High-Profile Company Data Breaches 2022

company data breaches

The rate at which companies – large and small alike – are experiencing cybersecurity breaches is alarming. With recent high-profile attacks targeting healthcare, finance, retail, government, manufacturing, and energy, it’s clear that the threat landscape has evolved significantly over the past few years. 

According to projections, cybercrime is forecast to cost the global economy $10.5 trillion by 2025, reflecting a 15% increase year on year. Businesses have never been more vulnerable, and even large enterprises with substantial cybersecurity defenses can fall victim. For smaller businesses, lessons learned from these attacks can help you prepare your security strategy for any eventuality. 

This article discusses some of the most notable company data breaches from recent months, their causes, impacts, and what you should do to remain protected. 

Top 5 Recent High-Profile Company Data Breaches in 2022 

1. GiveSendGo Breach: February 2022

The recent hijacking of a Christian fundraising site, GiveSendGo, took place in response to the Ottawa truckers’ protests, and resulted in the personal details of those who donated to their funds being compromised.

The hackers redirected the fundraising site to a page that condemned the Freedom Convoy protests – a case of Distributed Denial of Service (DDoS) attack. They then published the personal information of the 90,000 donors who had contributed to the initiative via the GiveSendGo website.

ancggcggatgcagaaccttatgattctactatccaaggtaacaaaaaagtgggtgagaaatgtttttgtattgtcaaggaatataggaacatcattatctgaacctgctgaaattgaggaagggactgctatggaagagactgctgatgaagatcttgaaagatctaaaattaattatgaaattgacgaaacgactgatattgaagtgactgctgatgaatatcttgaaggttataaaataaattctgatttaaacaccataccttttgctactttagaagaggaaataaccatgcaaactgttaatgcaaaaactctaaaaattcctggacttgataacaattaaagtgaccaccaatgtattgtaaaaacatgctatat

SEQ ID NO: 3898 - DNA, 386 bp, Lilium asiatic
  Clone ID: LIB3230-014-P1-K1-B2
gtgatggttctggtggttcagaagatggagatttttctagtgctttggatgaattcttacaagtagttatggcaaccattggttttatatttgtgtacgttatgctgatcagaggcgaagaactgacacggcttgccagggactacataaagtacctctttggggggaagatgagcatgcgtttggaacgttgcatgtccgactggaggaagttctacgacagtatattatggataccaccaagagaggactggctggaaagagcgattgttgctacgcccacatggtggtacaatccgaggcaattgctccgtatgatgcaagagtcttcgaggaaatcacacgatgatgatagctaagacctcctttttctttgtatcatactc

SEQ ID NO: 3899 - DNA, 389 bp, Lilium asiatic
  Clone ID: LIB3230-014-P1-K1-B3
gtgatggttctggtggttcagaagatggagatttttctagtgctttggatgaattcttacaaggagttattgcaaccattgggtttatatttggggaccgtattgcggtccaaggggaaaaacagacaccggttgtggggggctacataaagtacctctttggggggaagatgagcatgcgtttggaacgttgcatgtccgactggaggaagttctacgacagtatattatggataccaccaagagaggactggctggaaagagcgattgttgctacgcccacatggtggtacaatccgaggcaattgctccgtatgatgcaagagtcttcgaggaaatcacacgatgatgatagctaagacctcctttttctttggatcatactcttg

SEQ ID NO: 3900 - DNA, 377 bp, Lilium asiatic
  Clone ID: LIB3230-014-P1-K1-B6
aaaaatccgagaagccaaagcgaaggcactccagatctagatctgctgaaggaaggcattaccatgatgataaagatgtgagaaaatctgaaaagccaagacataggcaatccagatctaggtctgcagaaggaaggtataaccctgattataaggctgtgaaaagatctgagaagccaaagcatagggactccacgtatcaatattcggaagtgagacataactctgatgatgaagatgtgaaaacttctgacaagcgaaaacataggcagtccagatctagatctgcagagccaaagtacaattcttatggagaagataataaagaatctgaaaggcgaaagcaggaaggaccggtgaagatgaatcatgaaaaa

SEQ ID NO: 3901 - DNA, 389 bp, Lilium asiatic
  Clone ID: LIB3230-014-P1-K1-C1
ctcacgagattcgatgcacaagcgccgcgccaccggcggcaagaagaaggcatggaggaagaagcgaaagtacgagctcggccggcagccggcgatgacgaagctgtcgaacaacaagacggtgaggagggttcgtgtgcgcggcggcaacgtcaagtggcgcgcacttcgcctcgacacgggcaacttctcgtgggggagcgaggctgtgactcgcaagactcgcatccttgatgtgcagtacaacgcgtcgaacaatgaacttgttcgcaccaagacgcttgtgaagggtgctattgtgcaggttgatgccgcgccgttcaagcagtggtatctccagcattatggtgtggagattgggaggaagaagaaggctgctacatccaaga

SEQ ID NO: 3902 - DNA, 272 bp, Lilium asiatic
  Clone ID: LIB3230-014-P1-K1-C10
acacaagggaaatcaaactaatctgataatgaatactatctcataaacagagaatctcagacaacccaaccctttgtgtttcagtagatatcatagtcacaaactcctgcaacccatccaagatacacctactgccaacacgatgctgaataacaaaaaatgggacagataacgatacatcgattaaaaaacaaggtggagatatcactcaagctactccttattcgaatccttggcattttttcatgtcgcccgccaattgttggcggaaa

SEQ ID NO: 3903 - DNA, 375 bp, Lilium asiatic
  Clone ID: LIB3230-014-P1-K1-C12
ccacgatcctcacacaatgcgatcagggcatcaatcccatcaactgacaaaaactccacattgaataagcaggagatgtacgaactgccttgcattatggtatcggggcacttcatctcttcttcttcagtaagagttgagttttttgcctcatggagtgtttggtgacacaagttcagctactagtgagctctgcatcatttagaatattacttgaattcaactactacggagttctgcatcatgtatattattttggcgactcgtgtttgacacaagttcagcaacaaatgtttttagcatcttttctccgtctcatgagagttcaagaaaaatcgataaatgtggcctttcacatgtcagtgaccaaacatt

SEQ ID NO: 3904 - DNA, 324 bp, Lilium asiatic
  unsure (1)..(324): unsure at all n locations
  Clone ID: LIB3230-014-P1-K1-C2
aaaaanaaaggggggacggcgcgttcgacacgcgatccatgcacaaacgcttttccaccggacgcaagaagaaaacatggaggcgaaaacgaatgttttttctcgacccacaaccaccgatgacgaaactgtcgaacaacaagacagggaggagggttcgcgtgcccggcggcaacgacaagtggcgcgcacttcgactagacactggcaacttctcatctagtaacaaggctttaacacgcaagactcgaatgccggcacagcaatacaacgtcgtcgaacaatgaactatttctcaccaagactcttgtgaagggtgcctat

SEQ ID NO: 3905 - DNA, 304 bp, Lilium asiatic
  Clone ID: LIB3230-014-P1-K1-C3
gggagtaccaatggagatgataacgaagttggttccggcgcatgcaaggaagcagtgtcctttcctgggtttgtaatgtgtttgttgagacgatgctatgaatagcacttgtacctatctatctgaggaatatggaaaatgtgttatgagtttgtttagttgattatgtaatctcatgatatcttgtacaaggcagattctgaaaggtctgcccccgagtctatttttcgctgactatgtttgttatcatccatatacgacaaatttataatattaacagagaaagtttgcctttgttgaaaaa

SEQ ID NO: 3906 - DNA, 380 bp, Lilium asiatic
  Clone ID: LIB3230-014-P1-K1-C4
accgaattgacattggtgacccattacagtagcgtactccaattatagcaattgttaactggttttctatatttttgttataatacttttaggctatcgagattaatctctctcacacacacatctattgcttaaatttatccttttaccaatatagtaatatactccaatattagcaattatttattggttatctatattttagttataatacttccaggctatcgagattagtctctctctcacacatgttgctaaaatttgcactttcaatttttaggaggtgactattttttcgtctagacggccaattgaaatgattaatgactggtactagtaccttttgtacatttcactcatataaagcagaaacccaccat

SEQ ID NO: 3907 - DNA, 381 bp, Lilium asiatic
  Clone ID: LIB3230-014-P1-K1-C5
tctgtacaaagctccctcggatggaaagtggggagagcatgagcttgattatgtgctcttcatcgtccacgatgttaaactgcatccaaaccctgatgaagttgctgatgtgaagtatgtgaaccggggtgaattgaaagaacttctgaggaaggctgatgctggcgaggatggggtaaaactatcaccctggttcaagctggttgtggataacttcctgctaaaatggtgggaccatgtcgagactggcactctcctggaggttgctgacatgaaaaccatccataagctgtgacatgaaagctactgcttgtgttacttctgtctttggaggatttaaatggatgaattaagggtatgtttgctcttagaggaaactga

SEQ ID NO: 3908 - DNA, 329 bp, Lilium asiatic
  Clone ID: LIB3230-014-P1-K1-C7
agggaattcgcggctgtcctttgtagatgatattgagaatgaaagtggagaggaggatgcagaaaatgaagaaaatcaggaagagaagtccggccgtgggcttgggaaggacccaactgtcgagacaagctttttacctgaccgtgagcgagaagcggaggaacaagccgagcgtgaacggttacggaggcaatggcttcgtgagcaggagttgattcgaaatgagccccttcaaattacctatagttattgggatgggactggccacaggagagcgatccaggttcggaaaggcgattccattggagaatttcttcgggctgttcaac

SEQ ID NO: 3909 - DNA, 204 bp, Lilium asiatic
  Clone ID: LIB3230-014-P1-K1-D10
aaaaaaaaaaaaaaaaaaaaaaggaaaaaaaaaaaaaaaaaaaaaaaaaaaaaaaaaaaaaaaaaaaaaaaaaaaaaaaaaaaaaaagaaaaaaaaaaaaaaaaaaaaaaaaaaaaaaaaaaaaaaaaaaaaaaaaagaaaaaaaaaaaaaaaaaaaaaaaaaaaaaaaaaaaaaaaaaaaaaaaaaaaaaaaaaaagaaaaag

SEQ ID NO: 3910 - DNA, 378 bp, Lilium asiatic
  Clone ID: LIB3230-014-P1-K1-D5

This incident highlights how important it is to ensure your business uses secure payment methods and platforms. If not, your customer data could easily end up being compromised. Be sure that after your company experiences a data breach, you take the correct steps to resolve the cause of the breach.

2. Crypto.com Breach: January 2022

The blockchain model has long been regarded as one of the most secure forms of transaction processing. However, this hasn’t stopped hackers from trying to compromise crypto-based transactions. This is evident in the January 17, 2022 attack that targeted 483 users’ wallets on Crypto.com. 

As part of this hack, the perpetrators stole approximately $18 million worth of bitcoin and $15 million worth of Ethereum, plus other cryptocurrencies. This was primarily possible thanks to the hackers’ ability to bypass two-factor authentication and access users’ wallets. Another example of why using a password manager is so important.

Initially dismissing it as a mere ‘incident,’ Crypto.com later retracted their statement, confirming that money had been stolen and that affected users had been reimbursed. The company also stated that they had audited their systems and worked to improve their security posture.

Businesses must be aware of the risks associated with cryptocurrency theft. The best way to protect against this type of fraud is to ensure that all sensitive data is encrypted. 

3. FlexBooker Breach: December 2021

FlexBooker, an appointment scheduling service, was another high-profile victim of a massive data breach affecting roughly 3 million users just before the holidays. The threat actors unlawfully accessed sensitive data such as drivers’ licenses, photos, and other ID information, posting them on various hacker forums.

The group managed to compromise FlexBooker’s data by exploiting its AWS configuration. Once inside, they installed malware onto the servers, which allowed them to gain full control over the system. 

Perhaps unsurprisingly, various professionals, including lawyers, accountants, and consultants, left the platform after the incident, affecting the company into 2022.

4. Robinhood Breach: November 2021

On November 16, 2021, Robinhood announced that an attacker had breached its internal systems using social engineering. According to the firm, the intruder gained access to the email addresses of 5 million users, the full names of 2 million users, and other personally identifiable information.